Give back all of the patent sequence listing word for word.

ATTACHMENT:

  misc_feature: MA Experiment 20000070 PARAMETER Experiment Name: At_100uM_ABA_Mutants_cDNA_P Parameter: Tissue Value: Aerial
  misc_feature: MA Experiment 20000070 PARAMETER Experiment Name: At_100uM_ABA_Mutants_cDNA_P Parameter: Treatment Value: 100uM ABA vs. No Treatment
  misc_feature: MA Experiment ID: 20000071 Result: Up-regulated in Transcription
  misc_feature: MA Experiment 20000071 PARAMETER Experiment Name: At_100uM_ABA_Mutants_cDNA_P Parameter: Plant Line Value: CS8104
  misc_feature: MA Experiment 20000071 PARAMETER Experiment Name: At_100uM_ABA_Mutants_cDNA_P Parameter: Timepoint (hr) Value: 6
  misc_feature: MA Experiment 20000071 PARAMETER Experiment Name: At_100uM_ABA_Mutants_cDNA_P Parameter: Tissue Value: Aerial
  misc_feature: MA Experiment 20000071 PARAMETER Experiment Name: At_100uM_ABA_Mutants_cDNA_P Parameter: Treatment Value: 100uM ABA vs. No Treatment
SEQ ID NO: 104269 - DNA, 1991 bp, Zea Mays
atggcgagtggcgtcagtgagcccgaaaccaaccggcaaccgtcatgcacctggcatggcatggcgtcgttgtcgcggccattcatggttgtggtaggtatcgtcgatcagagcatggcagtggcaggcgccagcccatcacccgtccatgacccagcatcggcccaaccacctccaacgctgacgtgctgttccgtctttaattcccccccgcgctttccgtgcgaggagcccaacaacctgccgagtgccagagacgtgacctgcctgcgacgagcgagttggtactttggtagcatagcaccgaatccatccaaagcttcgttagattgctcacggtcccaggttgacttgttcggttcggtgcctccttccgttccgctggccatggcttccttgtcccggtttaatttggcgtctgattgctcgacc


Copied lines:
  misc_feature: MA Experiment 20000070 PARAMETER Experiment Name: At_100uM_ABA_Mutants_cDNA_P Parameter: Tissue Value: Aerial
  misc_feature: MA Experiment 20000070 PARAMETER Experiment Name: At_100uM_ABA_Mutants_cDNA_P Parameter: Treatment Value: 100uM ABA vs. No Treatment
  misc_feature: MA Experiment ID: 20000071 Result: Up-regulated in Transcription
  misc_feature: MA Experiment 20000071 PARAMETER Experiment Name: At_100uM_ABA_Mutants_cDNA_P Parameter: Plant Line Value: CS8104
  misc_feature: MA Experiment 20000071 PARAMETER Experiment Name: At_100uM_ABA_Mutants_cDNA_P Parameter: Timepoint (hr) Value: 6
  misc_feature: MA Experiment 20000071 PARAMETER Experiment Name: At_100uM_ABA_Mutants_cDNA_P Parameter: Tissue Value: Aerial
  misc_feature: MA Experiment 20000071 PARAMETER Experiment Name: At_100uM_ABA_Mutants_cDNA_P Parameter: Treatment Value: 100uM ABA vs. No Treatment
SEQ ID NO: 104269 - DNA, 1991 bp, Zea Mays
atggcgagtggcgtcagtgagcccgaaaccaaccggcaaccgtcatgcacctggcatggcatggcgtcgttgtcgcggccattcatggttgtggtaggtatcgtcgatcagagcatggcagtggcaggcgccagcccatcacccgtccatgacccagcatcggcccaaccacctccaacgctgacgtgctgttccgtctttaattcccccccgcgctttccgtgcgaggagcccaacaacctgccgagtgccagagacgtgacctgcctgcgacgagcgagttggtactttggtagcatagcaccgaatccatccaaagcttcgttagattgctcacggtcccaggttgacttgttcggttcggtgcctccttccgttccgctggccatggcttccttgtcccggtttaatttggcgtctgattgctcgacc